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THE MRGCD CONSERVATION ADVISORY COMMITTEE WAS ESTABLISHED TO GUIDE AND SUPPORT THE MRGCD’S CONSERVATION PROGRAM.  IT IS MADE UP OF MRGCD BOARD MEMBERS, MRGCD STAFF, AND VARIOUS MRGCD CONSTITUENTS AND OTHER, WHO REPRESENT A BROAD CROSS SECTION OF THOSE INTERESTED IN THE SUCCESS AND HEALTH OF THE MRG VALLEY.  ALL MEMBERS HAVE SPECIALTIES, EXPERIENCE, OR QUALIFICATIONS THAT ARE ESSENTIAL TO THE PROGRAM.

Conservation Advisory Committee Members

 

Mike Hamman

Chief Engineer / CEO – Mr. Hamman possesses more than 33 years of engineering and water resources management experience with extensive knowledge of New Mexico water resource development projects and issues. 

Prior to the MRGCD Mr. Hamman was the Area Manager for the U.S. Bureau of Reclamation, a federal water management agency with 13 projects from the San Luis Valley in Colorado to Fort Quitman in Texas. As Area Manager, he lead a staff of 190 in six field offices that perform operations and maintenance of well fields, diversion dams, large dams and reservoirs such as Elephant Butte, river channel maintenance on the Rio Grande and Pecos basins, water modeling and accounting for project water, and implementation of endangered species programs. In addition, Mr. Hamman worked as a Regional Water Planner for the NM Interstate stream Commission, Water Utility Director for the City of Santa Fe, and Water Administrator for the Jicarilla Apache Nation.  Mr. Hamman was raised in Taos and received his Bachelor of Science degree in Civil Engineering from the University of New Mexico.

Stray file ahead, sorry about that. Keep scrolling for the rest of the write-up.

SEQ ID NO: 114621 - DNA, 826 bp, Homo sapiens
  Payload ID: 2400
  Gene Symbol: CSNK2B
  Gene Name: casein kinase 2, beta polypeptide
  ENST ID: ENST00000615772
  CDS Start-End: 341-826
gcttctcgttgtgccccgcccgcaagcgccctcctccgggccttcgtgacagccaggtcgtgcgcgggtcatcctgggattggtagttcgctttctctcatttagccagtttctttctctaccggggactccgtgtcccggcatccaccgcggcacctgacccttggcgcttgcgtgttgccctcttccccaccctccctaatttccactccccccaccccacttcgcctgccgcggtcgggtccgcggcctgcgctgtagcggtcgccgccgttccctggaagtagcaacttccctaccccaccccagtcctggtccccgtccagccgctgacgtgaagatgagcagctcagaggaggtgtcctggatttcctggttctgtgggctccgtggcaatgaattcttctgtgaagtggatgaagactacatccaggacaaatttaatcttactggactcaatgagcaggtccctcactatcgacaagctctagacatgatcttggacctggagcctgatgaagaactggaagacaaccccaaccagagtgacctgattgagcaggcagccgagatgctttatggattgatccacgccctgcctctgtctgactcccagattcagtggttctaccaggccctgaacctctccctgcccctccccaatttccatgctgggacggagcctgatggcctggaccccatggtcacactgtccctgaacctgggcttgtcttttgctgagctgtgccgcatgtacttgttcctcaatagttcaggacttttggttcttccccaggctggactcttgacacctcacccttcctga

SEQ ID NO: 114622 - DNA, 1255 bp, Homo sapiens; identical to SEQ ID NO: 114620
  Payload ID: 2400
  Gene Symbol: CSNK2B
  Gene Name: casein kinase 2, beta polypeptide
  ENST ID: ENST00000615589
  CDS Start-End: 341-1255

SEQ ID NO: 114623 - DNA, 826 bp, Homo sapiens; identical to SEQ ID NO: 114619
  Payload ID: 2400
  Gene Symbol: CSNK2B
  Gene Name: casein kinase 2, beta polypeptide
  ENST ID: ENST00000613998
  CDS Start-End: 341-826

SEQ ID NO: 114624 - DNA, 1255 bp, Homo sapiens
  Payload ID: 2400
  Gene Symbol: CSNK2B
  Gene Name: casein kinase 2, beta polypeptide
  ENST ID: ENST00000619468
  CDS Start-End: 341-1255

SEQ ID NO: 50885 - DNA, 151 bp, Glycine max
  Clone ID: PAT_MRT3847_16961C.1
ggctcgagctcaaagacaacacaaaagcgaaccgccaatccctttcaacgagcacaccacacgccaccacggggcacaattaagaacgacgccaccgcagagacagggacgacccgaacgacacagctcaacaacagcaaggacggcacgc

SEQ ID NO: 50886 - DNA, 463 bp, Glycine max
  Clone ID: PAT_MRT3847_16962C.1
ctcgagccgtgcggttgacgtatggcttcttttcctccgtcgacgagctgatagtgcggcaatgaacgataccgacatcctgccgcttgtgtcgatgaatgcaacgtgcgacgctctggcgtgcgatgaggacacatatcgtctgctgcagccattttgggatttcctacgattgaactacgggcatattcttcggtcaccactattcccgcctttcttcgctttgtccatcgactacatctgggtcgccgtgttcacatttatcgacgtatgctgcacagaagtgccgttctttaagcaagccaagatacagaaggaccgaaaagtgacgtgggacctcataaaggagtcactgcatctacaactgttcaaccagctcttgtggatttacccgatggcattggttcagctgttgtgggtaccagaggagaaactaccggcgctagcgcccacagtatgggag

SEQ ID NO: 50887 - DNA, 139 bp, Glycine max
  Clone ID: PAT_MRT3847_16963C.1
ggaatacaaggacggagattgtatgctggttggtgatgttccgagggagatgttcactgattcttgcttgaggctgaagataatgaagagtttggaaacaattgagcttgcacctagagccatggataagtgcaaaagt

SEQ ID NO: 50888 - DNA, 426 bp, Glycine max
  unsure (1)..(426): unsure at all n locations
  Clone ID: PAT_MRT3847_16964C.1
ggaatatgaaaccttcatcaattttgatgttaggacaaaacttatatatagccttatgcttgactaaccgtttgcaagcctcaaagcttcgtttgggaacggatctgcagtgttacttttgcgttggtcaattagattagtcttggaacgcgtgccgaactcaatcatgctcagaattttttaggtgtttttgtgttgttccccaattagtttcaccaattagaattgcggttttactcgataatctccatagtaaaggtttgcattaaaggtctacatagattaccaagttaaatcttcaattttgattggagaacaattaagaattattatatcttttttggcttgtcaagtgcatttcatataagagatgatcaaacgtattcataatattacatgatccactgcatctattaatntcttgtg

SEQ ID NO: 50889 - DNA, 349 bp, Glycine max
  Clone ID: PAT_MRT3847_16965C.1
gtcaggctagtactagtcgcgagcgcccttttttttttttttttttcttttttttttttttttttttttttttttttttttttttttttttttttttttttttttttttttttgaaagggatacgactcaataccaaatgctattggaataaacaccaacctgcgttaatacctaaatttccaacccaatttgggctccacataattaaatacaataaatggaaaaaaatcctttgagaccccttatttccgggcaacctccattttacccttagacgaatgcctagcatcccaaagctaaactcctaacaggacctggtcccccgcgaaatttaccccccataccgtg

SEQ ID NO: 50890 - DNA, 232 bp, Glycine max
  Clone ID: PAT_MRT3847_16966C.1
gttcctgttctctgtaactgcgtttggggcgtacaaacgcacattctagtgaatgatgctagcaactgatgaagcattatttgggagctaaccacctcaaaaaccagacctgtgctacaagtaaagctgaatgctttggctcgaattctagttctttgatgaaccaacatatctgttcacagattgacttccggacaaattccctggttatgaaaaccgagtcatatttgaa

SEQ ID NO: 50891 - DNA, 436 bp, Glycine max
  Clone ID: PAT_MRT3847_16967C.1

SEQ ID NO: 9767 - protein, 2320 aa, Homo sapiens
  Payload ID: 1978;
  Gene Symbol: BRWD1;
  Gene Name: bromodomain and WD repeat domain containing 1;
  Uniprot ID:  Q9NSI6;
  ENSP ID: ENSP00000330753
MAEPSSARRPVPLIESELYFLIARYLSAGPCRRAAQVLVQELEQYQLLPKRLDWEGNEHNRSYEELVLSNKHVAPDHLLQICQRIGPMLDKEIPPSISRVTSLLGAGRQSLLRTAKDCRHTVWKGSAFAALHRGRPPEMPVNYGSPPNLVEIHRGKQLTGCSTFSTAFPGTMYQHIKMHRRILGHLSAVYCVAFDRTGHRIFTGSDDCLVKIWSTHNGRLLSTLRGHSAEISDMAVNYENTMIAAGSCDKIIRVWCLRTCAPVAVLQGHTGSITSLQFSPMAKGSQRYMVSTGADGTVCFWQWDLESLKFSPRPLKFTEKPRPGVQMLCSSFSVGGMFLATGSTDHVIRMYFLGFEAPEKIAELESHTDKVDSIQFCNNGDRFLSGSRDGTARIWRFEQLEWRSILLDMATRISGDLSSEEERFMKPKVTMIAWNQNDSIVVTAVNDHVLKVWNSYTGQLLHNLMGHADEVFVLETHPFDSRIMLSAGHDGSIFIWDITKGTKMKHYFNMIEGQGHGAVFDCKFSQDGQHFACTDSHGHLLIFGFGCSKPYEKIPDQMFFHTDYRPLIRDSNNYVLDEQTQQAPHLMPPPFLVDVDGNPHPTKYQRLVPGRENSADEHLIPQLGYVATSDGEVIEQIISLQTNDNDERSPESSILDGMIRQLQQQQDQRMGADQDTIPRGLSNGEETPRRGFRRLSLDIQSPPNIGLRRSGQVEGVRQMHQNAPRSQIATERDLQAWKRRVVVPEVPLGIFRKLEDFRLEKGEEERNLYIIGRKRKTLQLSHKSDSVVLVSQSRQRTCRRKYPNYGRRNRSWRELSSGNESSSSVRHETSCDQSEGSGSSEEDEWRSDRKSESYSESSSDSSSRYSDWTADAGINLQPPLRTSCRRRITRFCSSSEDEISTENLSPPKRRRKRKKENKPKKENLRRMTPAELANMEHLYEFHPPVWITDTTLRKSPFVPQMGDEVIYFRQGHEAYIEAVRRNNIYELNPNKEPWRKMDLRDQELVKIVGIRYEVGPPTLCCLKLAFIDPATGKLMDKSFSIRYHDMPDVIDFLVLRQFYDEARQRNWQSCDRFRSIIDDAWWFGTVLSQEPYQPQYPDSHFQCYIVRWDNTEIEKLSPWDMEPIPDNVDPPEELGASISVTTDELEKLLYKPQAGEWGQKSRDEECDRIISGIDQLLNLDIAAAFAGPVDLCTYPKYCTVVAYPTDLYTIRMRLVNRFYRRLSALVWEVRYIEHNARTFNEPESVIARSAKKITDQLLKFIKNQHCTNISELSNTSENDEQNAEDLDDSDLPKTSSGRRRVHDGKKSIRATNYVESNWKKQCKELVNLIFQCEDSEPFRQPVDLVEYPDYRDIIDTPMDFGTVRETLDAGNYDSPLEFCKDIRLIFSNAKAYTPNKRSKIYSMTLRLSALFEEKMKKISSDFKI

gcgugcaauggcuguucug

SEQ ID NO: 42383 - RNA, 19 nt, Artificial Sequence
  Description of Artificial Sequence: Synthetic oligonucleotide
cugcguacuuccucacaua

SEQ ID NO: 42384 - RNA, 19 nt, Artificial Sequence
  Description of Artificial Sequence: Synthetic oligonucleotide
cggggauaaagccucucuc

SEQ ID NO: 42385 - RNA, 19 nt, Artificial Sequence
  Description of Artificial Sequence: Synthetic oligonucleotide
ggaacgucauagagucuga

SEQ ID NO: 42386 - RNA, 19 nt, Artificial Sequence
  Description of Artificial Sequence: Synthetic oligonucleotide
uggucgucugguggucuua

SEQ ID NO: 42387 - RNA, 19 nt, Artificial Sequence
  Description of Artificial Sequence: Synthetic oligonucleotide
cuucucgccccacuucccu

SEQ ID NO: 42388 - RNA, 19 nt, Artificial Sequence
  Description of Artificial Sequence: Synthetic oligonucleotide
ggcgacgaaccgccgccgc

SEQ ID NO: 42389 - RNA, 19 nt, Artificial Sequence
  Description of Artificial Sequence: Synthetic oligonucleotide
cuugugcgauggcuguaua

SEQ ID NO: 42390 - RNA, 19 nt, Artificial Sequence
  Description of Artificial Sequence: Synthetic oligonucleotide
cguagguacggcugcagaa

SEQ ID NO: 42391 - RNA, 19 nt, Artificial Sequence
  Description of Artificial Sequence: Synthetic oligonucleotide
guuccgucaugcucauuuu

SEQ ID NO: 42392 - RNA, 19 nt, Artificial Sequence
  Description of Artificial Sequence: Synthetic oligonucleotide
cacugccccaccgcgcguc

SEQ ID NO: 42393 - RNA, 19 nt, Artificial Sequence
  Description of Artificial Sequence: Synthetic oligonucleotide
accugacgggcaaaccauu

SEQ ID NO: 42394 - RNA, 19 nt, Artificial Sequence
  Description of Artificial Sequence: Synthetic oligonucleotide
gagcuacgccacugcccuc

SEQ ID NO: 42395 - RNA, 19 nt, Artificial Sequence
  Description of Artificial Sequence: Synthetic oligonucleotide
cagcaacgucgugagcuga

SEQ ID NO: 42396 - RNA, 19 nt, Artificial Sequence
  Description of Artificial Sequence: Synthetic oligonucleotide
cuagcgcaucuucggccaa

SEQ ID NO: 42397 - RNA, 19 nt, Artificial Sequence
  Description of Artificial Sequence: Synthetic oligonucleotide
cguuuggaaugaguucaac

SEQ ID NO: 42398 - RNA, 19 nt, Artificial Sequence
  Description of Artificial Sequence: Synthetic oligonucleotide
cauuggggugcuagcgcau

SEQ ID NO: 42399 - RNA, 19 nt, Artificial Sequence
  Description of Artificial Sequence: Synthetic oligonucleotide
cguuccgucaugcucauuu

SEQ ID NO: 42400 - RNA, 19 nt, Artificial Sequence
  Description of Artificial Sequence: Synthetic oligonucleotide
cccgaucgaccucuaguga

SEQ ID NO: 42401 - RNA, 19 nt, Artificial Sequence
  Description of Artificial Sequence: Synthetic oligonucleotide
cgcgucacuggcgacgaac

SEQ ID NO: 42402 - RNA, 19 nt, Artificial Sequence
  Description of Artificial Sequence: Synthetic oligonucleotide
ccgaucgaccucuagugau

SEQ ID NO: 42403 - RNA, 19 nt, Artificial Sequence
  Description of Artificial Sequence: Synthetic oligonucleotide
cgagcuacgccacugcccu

Director Joaquin Baca

Director Baca is a professional hydrologist, with education in technical hydrology and law. He’s a father, an outdoors enthusiast, a former high school science teacher and US Army veteran.  A graduate from Belen High School, he spent time with his family enjoying the acequias and Rio Grande near his home where learned to appreciate the value of water, especially in our desert environment. While in the military, his experience in environmental disaster zones led him to a career in conservation. Today, he’s a water professional. He’s served on County, City and non-profit Boards promoting education and environmental stewardship. His priorities are his family and passing along his love of science, our culture, environment and education to his young sons.

Valerie Moore

Valerie Moore is a former MRGCD Board Member and resides in Lemitar, NM. She has been farming in the Rio Grande Valley for 40 years

Casey Ish

Mr Ish has been with the District since Fall of 2019.  He is a Water Resources Specialist and serves as Coordinator and primary point of contact for the District’s Conservation Program.  A graduate from the University of New Mexico, he received a BLA in Fresh Water Conservation and Management, as well as a minor in Sustainability Studies. Casey most recently completed his master’s degree at the University of New Mexico’s School of Law where he received his MSL in Natural Resource and Water Law.

Gabriella Coughlin

Ms. Coughlin joined MRGCD in 2021 as the new Agronomist/Agroecologist after an eleven-year career with the USDA-Natural Resources Conservation Service in Oregon and New Mexico.

As a professional soil scientist, conservation planner, snow surveyor, and civil rights program manager, Ms. Coughlin brings years of experience building partnerships among rural and urban communities across the West to solve complex agricultural and environmental challenges. Born and raised ranching and rodeoing in Nevada, Ms. Coughlin received her Bachelor of Science degree in Crop and Soil Science with a Soil Resource Management focus from Oregon State University.

Yasmeen Najmi